SWOT explained

What is a SWOT analysis and what is it used for? ​

The SWOT analysis is one of the most common tools in business planning and strategy. The SWOT analysis helps you understand the internal and external advantages and disadvantages of your organisation. This understanding should inform your strategies, and it can help you improve, innovate, and anticipate certain issues. A good SWOT helps you to make the right decisions related to your products and services. You may, for example, decide to change your target, adapt the budget or hire more employees to meet certain needs that are unfulfilled.


What are the main components of a SWOT analysis?​

SWOT is an acronym for Strengths, Weaknesses, Opportunities, and Threats. In the analysis, you evaluate each of these factors for your organisation.

Strengths: Internal attributes and resources that give your organisation a competitive advantage in the market. 

  • What makes your company better than others in the same industry?
  • What is unique about your products and services?
  • What resources do you have access to that can be used to your advantage?

Weaknesses: Internal attributes that could create disadvantages. These are points where your organisation may need to improve.

  • What are the biggest obstacles to further growth for your company?
  • What issues are your clients facing with your product or service?
  • What do your competitors do better than your organisation?

Opportunities: External factors that the organisation can take advantage of. You will want to tap into these opportunities with your strategies.


  • What are the main communication channels that your audience likes? How can you get more people to relate to your message/brand?
  • Is there a noticeable or anticipated rise in demand for a product or service that you can offer?
  • What political, economic, social, technological, environmental and legal factors can you take advantage of right now? (See: PESTEL analysis)

Threats: External factors that could hurt your organisation.


  • What is the status of the market? Are there external threats to growth like intense competition or low demand?
  • Are there any current or anticipated rises in the price of raw materials or labour that could affect your organisation?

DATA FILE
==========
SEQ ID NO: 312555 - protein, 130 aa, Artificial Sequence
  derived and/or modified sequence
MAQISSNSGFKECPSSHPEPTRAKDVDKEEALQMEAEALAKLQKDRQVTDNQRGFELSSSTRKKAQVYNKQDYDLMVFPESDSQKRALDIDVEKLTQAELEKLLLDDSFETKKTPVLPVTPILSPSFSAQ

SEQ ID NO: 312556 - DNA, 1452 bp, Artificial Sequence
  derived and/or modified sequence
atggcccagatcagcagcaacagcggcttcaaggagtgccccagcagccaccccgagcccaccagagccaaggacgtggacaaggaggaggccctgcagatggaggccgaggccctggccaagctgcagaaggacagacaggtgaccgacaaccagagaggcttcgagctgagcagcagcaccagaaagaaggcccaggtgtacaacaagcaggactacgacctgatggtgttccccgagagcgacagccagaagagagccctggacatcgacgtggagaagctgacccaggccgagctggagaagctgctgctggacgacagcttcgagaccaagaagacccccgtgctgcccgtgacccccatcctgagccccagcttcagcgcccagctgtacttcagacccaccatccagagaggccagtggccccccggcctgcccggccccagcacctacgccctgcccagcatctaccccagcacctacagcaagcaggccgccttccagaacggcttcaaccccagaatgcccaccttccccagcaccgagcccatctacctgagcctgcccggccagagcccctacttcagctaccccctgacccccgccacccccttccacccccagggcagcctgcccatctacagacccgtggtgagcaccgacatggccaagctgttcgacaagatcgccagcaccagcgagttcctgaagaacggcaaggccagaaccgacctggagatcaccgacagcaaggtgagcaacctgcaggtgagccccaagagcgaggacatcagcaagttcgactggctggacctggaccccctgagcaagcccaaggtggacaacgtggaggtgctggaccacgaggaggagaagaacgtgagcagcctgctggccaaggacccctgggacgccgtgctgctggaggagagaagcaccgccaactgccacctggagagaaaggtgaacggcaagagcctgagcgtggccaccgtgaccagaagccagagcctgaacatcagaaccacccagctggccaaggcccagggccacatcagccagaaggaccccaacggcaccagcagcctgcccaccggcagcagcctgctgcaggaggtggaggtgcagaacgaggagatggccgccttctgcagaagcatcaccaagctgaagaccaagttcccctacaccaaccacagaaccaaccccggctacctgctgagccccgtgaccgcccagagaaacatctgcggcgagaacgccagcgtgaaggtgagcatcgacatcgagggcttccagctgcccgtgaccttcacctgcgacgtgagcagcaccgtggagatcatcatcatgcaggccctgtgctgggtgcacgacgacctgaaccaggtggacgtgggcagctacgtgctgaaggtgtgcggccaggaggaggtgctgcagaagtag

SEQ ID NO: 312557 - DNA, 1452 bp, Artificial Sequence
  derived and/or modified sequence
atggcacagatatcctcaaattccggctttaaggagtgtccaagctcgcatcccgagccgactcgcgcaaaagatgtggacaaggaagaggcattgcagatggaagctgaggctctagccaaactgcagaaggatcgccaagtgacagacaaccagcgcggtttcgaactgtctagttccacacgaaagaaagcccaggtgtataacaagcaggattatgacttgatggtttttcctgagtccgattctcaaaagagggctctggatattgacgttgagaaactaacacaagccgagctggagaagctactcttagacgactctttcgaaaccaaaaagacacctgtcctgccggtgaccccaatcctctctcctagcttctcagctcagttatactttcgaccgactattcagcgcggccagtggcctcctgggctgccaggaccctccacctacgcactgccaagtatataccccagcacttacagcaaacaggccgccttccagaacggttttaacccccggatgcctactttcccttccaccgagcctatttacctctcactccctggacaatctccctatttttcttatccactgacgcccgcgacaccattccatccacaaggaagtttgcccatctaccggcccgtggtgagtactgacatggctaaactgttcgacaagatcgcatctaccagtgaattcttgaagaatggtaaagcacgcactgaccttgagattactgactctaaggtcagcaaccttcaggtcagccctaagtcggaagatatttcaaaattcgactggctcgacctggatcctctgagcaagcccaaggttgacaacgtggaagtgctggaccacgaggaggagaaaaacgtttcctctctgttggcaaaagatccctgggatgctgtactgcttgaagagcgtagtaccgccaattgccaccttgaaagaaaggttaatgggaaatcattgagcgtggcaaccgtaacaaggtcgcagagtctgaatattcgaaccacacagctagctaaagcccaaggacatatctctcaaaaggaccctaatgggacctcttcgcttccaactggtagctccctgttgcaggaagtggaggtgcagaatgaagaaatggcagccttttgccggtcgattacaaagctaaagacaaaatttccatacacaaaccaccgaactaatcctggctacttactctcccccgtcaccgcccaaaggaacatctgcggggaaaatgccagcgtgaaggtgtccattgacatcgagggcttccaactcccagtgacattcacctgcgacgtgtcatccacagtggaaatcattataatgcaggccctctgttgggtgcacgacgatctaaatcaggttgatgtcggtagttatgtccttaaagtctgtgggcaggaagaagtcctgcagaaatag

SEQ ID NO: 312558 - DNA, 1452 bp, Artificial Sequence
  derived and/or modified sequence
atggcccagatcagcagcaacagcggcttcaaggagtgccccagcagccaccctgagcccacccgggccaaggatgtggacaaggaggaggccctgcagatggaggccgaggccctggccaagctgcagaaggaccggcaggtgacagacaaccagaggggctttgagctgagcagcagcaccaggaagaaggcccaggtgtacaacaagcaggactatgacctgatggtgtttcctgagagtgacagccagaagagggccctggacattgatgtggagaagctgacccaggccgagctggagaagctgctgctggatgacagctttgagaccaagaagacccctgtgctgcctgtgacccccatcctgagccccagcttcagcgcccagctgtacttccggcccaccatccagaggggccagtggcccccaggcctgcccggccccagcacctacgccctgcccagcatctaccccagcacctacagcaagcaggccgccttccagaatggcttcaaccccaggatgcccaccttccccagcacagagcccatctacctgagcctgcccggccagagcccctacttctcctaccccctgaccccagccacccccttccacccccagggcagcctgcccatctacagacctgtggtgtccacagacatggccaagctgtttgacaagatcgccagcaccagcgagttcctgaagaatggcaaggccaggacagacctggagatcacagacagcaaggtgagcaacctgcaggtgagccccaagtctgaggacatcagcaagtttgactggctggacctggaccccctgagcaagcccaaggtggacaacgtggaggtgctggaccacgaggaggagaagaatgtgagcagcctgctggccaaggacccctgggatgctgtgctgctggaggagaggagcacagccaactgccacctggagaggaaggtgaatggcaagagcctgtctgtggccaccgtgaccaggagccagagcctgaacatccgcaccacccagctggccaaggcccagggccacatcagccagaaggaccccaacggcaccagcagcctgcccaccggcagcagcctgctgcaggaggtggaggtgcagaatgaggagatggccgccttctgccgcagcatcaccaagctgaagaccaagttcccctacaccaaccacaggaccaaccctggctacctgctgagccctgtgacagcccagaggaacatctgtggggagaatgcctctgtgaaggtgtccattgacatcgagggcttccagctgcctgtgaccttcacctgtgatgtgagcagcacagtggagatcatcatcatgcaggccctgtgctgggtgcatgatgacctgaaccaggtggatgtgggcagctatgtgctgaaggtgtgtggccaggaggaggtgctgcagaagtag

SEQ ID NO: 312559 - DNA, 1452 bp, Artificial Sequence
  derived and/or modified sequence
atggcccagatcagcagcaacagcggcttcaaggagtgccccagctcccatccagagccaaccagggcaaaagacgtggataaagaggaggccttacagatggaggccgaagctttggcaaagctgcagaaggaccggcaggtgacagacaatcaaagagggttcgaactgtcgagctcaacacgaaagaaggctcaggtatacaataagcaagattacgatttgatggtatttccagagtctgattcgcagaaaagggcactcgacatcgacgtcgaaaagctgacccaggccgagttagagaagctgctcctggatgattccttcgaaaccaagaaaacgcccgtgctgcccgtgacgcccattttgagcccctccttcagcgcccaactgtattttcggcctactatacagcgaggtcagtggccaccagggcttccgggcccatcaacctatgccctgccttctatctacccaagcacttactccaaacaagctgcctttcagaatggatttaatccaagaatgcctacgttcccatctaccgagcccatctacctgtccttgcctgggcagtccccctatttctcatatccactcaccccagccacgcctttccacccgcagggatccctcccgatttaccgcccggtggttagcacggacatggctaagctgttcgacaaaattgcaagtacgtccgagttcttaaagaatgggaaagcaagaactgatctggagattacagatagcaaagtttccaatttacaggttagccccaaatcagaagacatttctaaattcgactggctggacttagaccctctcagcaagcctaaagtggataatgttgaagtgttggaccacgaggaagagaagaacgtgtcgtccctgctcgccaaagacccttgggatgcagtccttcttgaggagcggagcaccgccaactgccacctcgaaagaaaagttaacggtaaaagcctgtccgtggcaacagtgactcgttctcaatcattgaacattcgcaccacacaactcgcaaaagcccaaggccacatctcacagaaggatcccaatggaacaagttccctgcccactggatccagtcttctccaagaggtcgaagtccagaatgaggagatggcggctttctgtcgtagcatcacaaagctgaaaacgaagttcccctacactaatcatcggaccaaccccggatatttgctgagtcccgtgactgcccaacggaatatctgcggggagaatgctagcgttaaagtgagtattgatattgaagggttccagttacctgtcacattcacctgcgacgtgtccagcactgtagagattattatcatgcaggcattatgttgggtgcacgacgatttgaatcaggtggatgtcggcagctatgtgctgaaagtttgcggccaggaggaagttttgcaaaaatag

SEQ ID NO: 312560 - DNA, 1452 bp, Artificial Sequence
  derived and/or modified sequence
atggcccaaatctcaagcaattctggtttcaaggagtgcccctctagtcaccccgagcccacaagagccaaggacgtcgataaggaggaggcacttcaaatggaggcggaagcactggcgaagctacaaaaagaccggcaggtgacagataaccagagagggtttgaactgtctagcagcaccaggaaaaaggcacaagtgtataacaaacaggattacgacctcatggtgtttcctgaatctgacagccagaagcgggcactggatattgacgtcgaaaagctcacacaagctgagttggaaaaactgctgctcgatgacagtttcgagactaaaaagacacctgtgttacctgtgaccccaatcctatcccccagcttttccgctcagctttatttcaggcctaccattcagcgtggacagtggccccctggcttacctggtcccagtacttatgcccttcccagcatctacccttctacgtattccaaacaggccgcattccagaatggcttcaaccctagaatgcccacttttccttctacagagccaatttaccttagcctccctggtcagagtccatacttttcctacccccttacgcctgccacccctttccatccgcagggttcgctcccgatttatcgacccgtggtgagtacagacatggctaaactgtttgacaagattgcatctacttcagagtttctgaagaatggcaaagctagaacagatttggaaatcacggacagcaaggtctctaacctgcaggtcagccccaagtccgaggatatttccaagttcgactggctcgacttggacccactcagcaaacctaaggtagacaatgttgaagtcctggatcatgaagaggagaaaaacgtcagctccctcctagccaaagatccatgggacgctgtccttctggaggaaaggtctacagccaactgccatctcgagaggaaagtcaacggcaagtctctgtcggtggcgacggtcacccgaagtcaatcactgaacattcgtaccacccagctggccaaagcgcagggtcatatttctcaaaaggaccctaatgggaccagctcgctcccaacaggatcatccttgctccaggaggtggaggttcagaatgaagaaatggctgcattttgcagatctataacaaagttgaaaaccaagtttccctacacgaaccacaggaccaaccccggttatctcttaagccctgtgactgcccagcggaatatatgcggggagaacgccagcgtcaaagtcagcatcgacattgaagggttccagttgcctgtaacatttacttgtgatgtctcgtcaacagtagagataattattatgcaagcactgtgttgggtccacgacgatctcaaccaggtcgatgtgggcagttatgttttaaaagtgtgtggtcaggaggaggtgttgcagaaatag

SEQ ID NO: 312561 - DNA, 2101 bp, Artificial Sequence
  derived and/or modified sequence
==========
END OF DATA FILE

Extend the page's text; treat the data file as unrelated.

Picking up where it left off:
• What political, economic, social, technological, environmental and legal factors may threaten your organisation’s growth? (See: PESTEL analysis)

How do I enhance my SWOT analysis into a POWER SWOT?

The POWER SWOT is a method to enhance your SWOT analysis and determine the factors that are most urgent to respond to in your strategic plan. POWER is an acronym for Personal experience, Order/organise, Weighting, Emphasise detail, and Rank and prioritise.

The purpose of this is to take you from the analysis stage to defining your three most important strategic actions. The POWER acronym stands for five actions taken in that process.

  • Personal experience. Here, people relevant to various dimensions of the strategic plan bring their own knowledge, skills, and experiences to the table. What do people individually believe are the most important strategic challenges and why?
  • Order/organise. The next step is to closely review your Strengths, Weaknesses, Opportunities and Threats. Are your distinctions between internal and external really clear? All of the outcomes of the SWOT analysis and its underlying assumptions are checked. For example, what initially seems like an external threat may in fact be the consequence of an internal weakness.
  • Weighting. Strengths, Weaknesses, Opportunities and Threats are not created equal. Some are bigger and more important than others. In the Weighting step, you assign relative importance to each factor. For example, if you have identified 3 Strengths, you could distribute a total of 100 points among them. For example, perhaps your most significant Strength is worth 60 points, while the other two Strengths are less differentiated and worth only 20 each.
  • Emphasize detail. A SWOT analysis can often end up too generic. Perhaps you’ve ended up with “difficulty finding qualified personnel” as a threat. Now is the time to detail each item. What specific qualifications do you need this staff to have, and what is the (potential) consequence of this shortage?
  • Rank and prioritise. Finally, you will rank and prioritise the items of your SWOT analysis according to their weighting. The most important items according to this ranking should be prioritised in your strategic plan. For the best results, use this ranking and prioritisation to distill 3 primary strategic challenges resulting from your POWER SWOT analysis.

To learn more about the POWER SWOT, check out: